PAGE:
Strike A Light!
- Credit: Archant
Too big, too small or just right? Phill Price looks at Night Master’s latest lamp
Night Master’s rise to prominence in the world of night shooting has been impressive, with some fairly hard-to-please gamekeepers I know positively ranting about the performance of the company’s largest model. The little 400 model was aimed squarely at the airgun market which it serves very well, but some folks either want or need a bit more punch than it offers. Because of this, Night Master designed the Venom Strike that sits in the middle ground and adds some new features as well, most notably the dimmable remote switch.
Built to last
As with their previous models the construction feels chunky and solid as if it will take a beating in the field, and let’s face it, lamping gear does so often get knocked about. At around 8” (20cm) it’s a fair bit bigger than the 400 but way smaller than the 800 and all that metal does add weight, but it’s a price worth paying.
Like the other models, the beam’s output is square. I’ve never decided is that’s good or bad for me; it’s just a feature of this range. The beam is focusable so I set it for about 30 yards when I was out rabbiting but brought it right down to 10 yards while walking around the yard. I also appreciated the dimmer in the yard. At full blast it was too bright up close, but out in the stubble I enjoyed the extra searching range the extra power offered.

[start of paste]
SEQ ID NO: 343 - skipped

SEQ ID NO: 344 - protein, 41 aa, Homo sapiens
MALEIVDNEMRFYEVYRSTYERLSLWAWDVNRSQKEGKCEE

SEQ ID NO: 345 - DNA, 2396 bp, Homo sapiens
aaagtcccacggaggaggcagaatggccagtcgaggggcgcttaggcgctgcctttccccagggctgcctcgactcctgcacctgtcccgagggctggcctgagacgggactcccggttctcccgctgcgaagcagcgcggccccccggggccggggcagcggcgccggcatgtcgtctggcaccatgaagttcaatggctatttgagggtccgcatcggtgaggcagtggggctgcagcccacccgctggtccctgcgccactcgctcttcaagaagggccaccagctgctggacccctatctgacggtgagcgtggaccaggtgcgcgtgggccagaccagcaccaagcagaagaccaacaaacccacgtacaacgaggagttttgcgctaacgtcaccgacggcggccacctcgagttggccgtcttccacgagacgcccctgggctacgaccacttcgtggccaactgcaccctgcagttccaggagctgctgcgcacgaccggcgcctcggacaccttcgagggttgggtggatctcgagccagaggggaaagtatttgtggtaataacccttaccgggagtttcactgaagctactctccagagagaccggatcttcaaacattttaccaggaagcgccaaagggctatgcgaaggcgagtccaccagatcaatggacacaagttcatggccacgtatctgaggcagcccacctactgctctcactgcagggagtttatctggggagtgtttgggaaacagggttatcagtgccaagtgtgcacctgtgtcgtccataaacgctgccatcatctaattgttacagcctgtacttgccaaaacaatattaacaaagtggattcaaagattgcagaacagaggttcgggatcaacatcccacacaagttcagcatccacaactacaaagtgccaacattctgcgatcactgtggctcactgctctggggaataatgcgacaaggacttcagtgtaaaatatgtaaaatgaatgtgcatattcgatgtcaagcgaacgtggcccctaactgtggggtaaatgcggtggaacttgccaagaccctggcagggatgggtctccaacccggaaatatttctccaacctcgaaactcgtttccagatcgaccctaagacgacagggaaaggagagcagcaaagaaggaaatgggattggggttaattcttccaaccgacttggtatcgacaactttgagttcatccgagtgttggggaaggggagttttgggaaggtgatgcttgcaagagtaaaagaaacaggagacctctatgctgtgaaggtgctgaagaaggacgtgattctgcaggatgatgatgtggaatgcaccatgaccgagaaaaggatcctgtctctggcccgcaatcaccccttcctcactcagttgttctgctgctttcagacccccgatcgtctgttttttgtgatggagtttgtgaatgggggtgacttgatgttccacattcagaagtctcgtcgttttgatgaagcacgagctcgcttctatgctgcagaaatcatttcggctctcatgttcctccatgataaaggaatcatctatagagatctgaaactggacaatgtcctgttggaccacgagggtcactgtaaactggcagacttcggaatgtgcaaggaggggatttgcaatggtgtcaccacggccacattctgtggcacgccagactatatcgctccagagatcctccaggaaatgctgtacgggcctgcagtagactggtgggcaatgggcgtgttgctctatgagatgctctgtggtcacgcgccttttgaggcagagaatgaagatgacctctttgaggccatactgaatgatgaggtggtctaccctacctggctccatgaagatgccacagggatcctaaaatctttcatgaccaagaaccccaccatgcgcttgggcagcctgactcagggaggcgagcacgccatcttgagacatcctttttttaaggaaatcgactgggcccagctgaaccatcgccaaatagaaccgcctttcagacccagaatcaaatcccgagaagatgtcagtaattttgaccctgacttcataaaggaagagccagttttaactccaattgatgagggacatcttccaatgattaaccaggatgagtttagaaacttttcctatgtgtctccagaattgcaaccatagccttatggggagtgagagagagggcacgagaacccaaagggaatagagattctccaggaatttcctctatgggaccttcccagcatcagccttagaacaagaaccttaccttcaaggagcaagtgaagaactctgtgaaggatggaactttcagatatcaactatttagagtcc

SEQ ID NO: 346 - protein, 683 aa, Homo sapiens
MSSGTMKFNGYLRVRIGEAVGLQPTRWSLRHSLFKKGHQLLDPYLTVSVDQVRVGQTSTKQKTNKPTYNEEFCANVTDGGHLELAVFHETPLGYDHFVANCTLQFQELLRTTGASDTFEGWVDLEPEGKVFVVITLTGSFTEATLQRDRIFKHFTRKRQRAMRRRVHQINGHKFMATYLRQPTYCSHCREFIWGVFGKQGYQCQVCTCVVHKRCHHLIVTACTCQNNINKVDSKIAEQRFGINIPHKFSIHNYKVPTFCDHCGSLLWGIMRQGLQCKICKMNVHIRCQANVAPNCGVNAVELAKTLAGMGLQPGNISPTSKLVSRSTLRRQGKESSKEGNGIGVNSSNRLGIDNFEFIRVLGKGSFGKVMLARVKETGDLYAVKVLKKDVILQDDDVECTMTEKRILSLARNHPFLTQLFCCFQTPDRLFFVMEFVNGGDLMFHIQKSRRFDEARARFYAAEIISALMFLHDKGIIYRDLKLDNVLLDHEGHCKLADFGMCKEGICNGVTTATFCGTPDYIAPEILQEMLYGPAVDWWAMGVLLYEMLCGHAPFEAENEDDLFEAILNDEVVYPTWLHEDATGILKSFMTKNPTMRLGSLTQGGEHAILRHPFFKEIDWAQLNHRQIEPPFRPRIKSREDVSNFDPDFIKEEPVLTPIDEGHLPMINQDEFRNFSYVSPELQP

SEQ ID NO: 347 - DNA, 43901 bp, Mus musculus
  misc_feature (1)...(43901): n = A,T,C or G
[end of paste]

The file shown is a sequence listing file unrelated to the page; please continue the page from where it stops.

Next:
You can swap the lamp modules from white to red, green or even infra-red to act as an illuminator for night vision devices, which makes it highly versatile. In fact it’s a modular system allowing you to custom build one to suit a particular role or swap jobs, by exchanging parts as and when they’re needed. I love the idea that one lamp/torch can cover so many if not all my night shooting needs.
- 1 Flight test: DHC-1 Chipmunk T.10
- 2 Vintage flying scholarship open
- 3 Flight test: Globe Super Swift
My friends’ experiences tell me that these are tough lamps, evidenced by the scrapes scratches and dents their units wear with pride. Power is supplied by two CR123A lithium batteries, which are the industry standard for ultra-high performance lamps, or one 18650 battery. I’d prefer to use the larger 18650 rechargable units which are much kinder to your bank account.
The mount supplied was what I call a figure-of-eight split clamp, which takes just seconds to fit to any scope. The large thumb wheel can be tightened even with gloved hands. The dimmer control dial is also nice and chunky. I particularly liked the pad of the remote switch. It’s a proper ‘on and off’ one, rather than a ‘momentary’ one that requires you to maintain pressure to keep the lamp lit, something I find hard to do. Decades of training myself to grip the rifle as little as possible runs contrary to pressing a switch hard as I release a shot.
Although not cheap, I can see this system being another big hit for Night Master and it’s one I’d be happy to take to the field. n